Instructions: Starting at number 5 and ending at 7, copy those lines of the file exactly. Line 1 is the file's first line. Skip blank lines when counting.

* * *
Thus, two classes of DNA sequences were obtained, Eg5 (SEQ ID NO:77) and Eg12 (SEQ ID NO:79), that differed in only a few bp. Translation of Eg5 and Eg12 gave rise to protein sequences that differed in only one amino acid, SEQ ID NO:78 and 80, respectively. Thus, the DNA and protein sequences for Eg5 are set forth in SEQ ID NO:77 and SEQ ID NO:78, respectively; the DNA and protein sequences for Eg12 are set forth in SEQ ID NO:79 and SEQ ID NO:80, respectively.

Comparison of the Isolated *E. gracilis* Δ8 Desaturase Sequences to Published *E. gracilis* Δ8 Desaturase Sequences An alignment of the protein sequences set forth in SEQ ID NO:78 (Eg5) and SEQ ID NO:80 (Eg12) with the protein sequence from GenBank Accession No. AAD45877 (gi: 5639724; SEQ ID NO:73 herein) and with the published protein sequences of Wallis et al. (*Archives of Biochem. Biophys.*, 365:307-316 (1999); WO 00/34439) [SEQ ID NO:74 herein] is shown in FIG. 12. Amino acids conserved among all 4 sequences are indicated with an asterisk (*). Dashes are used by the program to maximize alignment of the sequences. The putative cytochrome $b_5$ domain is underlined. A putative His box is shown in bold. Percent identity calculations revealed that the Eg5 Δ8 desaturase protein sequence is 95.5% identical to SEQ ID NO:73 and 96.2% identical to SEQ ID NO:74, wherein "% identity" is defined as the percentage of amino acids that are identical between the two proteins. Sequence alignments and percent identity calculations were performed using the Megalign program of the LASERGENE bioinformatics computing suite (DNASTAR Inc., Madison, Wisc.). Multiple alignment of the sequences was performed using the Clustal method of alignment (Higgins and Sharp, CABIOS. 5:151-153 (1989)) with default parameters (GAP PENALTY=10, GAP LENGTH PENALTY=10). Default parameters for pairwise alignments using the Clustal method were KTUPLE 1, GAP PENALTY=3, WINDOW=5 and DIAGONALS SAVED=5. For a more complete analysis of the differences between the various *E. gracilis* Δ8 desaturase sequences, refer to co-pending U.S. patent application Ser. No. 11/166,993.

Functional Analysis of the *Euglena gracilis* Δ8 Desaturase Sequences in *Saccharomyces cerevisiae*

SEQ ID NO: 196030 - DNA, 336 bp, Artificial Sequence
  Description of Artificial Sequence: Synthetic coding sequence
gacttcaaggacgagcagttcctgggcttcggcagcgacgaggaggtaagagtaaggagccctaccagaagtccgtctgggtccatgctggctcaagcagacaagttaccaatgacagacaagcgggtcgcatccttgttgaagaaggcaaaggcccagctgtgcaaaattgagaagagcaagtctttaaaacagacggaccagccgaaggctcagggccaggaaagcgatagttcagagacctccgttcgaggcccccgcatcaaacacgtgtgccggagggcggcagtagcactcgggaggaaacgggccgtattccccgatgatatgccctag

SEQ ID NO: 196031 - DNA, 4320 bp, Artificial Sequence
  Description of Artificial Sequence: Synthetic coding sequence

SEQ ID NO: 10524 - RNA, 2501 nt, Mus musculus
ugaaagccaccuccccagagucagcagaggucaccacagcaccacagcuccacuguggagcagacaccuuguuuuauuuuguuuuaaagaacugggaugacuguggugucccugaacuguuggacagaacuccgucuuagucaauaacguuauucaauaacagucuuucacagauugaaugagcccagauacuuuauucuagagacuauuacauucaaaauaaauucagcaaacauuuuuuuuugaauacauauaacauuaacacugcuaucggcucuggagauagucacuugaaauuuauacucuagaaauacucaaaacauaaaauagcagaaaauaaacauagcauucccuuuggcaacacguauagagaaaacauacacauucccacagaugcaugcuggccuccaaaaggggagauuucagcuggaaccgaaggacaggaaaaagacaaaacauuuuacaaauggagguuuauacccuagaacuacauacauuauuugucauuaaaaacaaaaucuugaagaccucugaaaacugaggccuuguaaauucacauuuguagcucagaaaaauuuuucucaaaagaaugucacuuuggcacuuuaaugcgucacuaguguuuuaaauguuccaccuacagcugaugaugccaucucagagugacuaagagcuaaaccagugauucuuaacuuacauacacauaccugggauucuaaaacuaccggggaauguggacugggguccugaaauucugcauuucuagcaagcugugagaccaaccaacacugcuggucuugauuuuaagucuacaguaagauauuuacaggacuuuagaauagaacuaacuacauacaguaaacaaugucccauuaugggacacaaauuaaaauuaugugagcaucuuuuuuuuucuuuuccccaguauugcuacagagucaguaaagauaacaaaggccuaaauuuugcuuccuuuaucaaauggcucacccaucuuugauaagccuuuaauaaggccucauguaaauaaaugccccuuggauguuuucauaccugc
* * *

  Description of Artificial Sequence: Synthetic coding sequence
gacttcaaggacgagcagttcctgggcttcggcagcgacgaggaggtaagagtaaggagccctaccagaagtccgtctgggtccatgctggctcaagcagacaagttaccaatgacagacaagcgggtcgcatccttgttgaagaaggcaaaggcccagctgtgcaaaattgagaagagcaagtctttaaaacagacggaccagccgaaggctcagggccaggaaagcgatagttcagagacctccgttcgaggcccccgcatcaaacacgtgtgccggagggcggcagtagcactcgggaggaaacgggccgtattccccgatgatatgccctag

SEQ ID NO: 196031 - DNA, 4320 bp, Artificial Sequence